Why You Should Keep Caring
In a few hours, the election campaign that has captivated the American news media for the past two years will come to an end. This dynamic campaign has made the American political process a conversation topic in living rooms around the country, as well as in many a dorm room at the Institute. The campus has shown more political awareness in the past six months than I’ve seen in my previous two years at MIT. Whether or not you’re happy with the election results tonight, here’s why our campus should continue to be engaged by public policy.
The next president, as well as Congress, will continue to rely on MIT’s expertise to confront many critical issues over the next four years. MIT faculty and administrators have been regularly testifying in Washington on issues such as economic instability, global warming, and healthcare. Our elected politicians are making policy decisions based, in part, on information from the same people who teach our classes.
The student body has begun to realize the influence that MIT’s innovative and unbiased research carries in Washington. However, what many students have yet to understand is that our professors are testifying not simply because they are experts in high demand — they are also testifying because they believe themselves that their expertise should improve public policy decisions.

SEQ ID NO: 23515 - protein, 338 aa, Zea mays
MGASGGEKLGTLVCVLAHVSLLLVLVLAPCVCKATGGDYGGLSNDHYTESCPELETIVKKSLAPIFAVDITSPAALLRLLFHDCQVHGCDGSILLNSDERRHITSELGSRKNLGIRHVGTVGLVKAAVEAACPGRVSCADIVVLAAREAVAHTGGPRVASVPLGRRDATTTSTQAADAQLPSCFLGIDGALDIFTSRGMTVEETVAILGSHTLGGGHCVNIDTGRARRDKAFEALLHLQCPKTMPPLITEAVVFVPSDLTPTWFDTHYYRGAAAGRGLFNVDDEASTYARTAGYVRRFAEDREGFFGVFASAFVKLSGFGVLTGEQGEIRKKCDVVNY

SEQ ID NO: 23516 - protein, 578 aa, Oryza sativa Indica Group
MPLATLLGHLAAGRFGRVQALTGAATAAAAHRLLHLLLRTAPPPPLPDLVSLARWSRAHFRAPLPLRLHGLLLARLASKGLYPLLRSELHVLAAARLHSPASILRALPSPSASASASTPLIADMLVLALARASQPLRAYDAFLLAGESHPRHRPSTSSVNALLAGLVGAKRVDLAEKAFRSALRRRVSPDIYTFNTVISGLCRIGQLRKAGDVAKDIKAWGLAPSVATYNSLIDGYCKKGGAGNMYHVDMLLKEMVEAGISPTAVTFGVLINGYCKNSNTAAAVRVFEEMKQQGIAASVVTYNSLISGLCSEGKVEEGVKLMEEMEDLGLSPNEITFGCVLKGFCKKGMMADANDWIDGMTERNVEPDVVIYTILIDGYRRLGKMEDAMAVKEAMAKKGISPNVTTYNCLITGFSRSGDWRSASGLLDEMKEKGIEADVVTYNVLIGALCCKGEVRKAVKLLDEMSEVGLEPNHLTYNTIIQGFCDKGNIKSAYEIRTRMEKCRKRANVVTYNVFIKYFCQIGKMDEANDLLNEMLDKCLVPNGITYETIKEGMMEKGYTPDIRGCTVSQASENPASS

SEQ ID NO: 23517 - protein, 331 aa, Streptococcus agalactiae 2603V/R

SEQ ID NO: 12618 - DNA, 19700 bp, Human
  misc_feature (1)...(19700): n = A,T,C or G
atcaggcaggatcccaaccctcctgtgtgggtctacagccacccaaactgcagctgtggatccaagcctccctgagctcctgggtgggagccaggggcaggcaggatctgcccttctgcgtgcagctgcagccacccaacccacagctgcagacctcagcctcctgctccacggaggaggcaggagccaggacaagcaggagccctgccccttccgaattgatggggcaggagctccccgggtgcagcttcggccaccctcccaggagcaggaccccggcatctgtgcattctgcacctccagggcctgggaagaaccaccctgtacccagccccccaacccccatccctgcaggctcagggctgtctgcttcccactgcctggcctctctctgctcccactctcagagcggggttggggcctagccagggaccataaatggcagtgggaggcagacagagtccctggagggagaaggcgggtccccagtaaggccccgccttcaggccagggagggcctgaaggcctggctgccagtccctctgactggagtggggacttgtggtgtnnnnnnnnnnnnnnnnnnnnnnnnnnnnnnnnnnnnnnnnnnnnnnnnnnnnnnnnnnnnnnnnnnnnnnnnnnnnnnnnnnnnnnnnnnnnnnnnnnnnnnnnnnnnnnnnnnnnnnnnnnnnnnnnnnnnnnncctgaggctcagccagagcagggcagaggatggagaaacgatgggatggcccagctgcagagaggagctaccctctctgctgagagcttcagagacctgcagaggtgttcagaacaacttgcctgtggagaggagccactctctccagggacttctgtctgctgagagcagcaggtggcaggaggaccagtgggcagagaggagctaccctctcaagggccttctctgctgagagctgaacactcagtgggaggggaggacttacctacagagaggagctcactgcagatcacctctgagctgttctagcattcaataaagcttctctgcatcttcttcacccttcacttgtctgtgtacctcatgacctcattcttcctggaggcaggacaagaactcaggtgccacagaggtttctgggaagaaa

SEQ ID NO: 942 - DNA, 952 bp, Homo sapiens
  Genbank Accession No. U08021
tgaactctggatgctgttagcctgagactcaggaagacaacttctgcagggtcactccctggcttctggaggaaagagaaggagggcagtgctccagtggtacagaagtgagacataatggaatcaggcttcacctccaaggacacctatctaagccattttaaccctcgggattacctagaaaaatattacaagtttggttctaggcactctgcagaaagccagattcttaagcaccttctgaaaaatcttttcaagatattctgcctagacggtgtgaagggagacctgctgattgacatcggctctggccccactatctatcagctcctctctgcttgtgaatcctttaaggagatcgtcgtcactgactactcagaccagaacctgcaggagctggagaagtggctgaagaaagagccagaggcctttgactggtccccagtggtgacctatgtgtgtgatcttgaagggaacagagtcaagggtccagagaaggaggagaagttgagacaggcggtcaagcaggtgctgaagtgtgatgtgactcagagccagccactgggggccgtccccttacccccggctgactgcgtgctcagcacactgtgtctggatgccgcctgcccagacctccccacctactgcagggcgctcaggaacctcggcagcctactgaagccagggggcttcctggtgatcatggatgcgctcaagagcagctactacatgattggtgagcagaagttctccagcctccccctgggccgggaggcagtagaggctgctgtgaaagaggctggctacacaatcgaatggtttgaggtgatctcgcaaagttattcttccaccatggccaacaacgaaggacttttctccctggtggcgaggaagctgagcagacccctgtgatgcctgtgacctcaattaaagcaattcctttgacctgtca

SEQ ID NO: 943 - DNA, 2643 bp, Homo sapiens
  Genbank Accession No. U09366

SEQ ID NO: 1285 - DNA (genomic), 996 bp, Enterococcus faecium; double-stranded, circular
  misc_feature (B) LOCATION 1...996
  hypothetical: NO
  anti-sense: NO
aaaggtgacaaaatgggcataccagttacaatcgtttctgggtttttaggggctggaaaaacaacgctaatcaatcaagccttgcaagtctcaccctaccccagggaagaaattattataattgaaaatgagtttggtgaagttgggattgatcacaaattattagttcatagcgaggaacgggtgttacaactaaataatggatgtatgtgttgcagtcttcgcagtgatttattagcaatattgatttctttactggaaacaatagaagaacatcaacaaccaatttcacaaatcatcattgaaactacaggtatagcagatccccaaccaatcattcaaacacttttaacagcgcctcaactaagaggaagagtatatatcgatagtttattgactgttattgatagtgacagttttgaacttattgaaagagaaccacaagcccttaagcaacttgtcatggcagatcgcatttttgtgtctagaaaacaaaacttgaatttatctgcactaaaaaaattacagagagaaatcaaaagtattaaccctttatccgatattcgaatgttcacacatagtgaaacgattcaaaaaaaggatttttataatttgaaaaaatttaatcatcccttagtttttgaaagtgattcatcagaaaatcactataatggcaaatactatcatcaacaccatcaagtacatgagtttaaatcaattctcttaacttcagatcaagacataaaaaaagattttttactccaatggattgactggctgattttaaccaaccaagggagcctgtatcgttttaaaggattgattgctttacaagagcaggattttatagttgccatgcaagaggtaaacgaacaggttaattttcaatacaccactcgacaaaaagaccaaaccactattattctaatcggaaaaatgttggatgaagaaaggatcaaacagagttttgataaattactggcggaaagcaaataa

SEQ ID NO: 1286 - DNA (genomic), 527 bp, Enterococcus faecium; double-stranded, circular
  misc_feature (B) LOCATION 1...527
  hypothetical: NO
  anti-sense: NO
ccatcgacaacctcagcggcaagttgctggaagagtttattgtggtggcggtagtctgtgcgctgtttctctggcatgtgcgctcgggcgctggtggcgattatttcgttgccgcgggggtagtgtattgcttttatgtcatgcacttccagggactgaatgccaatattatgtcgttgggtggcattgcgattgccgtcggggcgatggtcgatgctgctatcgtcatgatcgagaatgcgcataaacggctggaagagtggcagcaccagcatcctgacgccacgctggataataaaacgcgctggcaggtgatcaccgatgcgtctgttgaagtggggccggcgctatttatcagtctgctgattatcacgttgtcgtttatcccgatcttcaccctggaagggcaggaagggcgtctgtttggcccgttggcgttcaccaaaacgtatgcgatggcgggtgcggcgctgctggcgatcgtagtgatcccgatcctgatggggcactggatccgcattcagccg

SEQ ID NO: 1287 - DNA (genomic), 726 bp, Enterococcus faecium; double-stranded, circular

All members of the MIT community feel the impact of public policy in their academic and professional lives. American policy affects research funding, regulatory barriers, and ethical decisions. It is in our best interests, as members of the academic community, to ensure that policy decisions are grounded in the best evidence available.
MIT as an institution has demonstrated countless times throughout its history a commitment to grounding policy decisions in reliable research. As students who may one day also be experts in our chosen fields of study, we must maintain an understanding of critical policy issues so that we can, if called upon, use our expertise to improve policies that affect us all.
Elizabeth Leshen ’10 is a member of the Forum on American Progress.